As urgent and worthy as these issues might feel, I can’t be the only one to find it all a bit…didactic. It brings to mind the stringent social mores of the 1800s when the value of culture was seen thought to be in its moral message not its aesthetic qualities. In 1807, for instance, Charles and Mary Lamb rewrote the works of Shakespeare for Victorian children. They made no secret of editing the plays to suit the tastes of their audience: scenes of clowning and drunkenness were cut, as were sexual innuendos. Instances of magic were also rationalised away.

We might scoff at such censorship, but we’ve rebranded the Bard with equal amounts of gusto in our own era. Take the 2014 feminist staging of Hamlet starring Maxine Peake. Or the ‘environmentally sustainable’ production of Much Ado About Nothing which popped up recently at my local suburban theatre. These plays are simply doing for our own generation what the Lambs did for the Victorians.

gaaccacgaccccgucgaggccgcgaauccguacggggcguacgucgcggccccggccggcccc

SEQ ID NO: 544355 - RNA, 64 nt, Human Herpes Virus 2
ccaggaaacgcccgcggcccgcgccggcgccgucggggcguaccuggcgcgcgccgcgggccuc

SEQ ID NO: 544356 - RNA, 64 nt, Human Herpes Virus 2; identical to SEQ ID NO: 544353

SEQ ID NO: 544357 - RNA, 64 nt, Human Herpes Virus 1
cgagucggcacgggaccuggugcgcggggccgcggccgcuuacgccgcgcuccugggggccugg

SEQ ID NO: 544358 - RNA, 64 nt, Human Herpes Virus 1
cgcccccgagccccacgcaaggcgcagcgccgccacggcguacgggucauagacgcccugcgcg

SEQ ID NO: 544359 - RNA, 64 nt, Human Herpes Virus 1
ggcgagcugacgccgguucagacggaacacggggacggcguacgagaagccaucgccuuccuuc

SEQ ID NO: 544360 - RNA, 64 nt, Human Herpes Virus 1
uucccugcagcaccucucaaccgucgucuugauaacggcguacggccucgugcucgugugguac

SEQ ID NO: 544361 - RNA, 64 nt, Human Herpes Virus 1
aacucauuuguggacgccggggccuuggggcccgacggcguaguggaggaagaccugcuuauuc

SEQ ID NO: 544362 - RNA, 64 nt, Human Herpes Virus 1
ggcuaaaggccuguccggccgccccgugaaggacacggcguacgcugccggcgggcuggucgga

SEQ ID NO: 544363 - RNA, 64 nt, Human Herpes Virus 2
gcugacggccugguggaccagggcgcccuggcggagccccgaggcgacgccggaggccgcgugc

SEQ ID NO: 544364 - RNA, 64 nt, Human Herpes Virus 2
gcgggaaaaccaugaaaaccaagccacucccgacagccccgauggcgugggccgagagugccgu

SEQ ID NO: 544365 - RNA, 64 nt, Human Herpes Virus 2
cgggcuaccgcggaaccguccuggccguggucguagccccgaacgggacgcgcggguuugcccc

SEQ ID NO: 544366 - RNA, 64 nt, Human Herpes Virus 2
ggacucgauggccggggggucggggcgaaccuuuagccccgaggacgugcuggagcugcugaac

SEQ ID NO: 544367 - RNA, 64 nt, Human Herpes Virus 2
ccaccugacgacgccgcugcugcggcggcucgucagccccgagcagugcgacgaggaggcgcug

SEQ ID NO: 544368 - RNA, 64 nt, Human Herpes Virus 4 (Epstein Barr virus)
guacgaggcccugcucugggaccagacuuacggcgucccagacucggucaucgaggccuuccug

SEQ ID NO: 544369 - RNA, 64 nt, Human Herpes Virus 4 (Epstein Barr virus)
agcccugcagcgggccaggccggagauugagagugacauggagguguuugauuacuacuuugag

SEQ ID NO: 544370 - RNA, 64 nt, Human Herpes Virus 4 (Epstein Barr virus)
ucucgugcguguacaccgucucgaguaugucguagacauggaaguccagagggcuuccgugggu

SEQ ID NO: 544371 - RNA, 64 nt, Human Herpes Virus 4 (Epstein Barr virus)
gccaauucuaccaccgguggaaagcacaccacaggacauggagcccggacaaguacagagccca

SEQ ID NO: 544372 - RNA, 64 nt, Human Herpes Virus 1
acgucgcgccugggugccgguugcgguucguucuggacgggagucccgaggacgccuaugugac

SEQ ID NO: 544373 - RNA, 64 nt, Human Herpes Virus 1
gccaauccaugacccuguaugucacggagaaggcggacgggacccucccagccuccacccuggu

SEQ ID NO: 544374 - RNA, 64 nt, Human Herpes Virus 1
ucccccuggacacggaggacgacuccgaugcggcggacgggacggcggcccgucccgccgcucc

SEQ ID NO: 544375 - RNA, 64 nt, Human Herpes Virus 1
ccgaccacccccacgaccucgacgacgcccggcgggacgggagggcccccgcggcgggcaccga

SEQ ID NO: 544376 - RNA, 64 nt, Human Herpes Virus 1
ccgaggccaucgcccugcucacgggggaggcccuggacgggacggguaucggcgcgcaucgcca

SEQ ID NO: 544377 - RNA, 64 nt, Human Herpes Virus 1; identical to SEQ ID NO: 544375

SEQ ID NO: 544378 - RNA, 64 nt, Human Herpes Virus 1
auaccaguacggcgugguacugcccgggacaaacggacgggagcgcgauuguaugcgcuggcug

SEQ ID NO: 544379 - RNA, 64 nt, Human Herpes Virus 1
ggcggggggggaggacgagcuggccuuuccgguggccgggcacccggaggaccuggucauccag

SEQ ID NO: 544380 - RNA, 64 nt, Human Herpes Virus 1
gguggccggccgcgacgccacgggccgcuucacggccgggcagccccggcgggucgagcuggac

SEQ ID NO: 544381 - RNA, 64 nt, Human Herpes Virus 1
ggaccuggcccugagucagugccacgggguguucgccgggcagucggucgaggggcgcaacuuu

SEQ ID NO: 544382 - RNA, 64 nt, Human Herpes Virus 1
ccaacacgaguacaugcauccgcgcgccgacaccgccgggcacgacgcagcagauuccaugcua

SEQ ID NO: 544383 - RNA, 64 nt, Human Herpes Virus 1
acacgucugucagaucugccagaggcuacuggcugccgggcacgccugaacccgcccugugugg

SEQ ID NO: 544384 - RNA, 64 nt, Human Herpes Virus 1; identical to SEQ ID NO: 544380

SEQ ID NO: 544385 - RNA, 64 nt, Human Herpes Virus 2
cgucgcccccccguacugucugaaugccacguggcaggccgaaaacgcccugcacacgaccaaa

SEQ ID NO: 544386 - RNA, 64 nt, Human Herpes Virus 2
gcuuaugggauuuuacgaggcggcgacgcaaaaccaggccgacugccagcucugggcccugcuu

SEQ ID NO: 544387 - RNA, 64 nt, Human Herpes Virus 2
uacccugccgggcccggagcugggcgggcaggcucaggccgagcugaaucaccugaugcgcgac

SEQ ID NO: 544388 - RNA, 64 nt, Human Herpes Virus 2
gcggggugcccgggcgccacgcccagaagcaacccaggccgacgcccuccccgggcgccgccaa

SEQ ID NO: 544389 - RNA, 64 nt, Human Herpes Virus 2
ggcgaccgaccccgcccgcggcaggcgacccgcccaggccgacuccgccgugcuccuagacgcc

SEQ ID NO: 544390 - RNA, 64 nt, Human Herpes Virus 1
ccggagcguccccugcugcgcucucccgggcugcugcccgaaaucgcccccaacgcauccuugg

It’s only a matter of time before artists tire of such predictable political box ticking. Victorian moralism gave way in the late 1800s to the aesthetic movement: a Kantian pursuit of beauty for its own sake. Today, we’re in dire need of a similar rebellion.

Today’s activist art scene would be more palatable if the work produced felt original. But art that enforces the values of its day without interrogation or insight quickly loses its purpose. If politics has found a home in pop music then it’s a sure sign that the issues being championed are no longer radical but mainstream.